Tunisia’s President Beji Caid Essebsi on Wednesday ordered the army to protect facilities linked to phosphate, gas and oil production after protests aimed at disrupting output broke out in the south of the country.
It is the first time troops in Tunisia will be deployed to protect industrial installations that are key to Tunisia’s economic output in response to demonstrations.
For several weeks, about 1000 protesters in Tatouine province where Italy’s ENI and Austrian firm OMV have gas operations, have been demanding better employment opportunities and an increased share in revenue for the area’s natural resources.
The unrest has also spread to Kebili region.
“It is a serious decision, but it must be applied to protect our resources,” Essebsi said in a speech to the nation.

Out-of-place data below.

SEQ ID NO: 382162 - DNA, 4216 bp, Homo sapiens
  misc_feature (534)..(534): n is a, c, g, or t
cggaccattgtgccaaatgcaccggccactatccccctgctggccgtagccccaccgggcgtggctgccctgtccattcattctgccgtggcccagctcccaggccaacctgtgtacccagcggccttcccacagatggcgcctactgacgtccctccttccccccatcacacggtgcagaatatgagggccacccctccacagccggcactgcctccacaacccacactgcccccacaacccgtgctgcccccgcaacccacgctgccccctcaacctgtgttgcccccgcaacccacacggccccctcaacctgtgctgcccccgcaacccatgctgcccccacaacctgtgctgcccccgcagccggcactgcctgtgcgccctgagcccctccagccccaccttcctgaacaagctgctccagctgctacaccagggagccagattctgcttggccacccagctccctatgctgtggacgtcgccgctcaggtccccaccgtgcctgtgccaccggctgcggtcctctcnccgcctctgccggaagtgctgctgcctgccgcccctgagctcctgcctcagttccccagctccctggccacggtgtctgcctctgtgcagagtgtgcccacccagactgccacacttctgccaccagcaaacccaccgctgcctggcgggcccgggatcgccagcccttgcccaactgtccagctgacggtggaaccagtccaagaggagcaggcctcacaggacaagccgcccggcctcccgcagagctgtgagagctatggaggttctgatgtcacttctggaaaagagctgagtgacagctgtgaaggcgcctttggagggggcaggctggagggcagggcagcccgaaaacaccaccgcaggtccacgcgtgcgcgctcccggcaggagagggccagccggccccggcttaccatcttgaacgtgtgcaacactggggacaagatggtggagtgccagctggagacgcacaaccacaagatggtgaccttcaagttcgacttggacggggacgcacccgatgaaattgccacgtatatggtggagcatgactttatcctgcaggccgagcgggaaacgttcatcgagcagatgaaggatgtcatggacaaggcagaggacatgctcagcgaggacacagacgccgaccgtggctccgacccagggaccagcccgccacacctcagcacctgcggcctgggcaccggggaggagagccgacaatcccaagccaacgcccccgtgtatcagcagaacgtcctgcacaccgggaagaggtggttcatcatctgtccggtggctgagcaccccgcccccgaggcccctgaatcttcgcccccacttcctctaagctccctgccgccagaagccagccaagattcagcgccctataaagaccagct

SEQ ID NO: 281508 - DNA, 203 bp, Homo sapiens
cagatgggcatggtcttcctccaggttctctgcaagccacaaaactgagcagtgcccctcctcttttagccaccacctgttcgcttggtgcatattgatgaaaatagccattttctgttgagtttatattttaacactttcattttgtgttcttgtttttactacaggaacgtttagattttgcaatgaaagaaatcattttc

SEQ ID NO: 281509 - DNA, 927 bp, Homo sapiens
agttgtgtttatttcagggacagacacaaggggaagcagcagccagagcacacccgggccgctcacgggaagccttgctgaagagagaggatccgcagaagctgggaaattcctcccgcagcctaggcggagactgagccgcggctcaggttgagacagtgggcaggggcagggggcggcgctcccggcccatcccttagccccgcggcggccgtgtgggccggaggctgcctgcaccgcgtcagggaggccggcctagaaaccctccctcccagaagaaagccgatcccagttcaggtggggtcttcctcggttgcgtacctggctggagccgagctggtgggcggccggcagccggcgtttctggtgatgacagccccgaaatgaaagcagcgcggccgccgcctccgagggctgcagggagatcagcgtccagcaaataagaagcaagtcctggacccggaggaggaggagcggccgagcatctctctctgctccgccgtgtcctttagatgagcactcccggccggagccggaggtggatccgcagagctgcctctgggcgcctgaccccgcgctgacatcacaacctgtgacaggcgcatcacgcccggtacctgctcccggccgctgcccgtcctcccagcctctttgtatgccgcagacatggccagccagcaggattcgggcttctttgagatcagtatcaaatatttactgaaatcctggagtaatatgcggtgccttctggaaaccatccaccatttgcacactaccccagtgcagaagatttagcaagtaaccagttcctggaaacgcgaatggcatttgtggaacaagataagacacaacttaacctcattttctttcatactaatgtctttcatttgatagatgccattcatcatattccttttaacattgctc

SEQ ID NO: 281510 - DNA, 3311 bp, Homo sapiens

The military deployment will take place immediately, said the president. Tunisia has been transitioning towards democracy since a revolution in 2011 that ended the rule of former President Zine El Abidine Ben Ali.
“Our democratic path has become threatened and law must be applied but we will respect freedoms”, Essebsi added.
The protests come at a sensitive time as the government tries to enact austerity reforms. Tunisia is a small oil and gas producer compared to its OPEC neighbors Libya and Algeria, with production around 44,000 barrels per day.
Protests that have hit the phosphate sector in past years cost the country more than $ 2 billion, according to officials.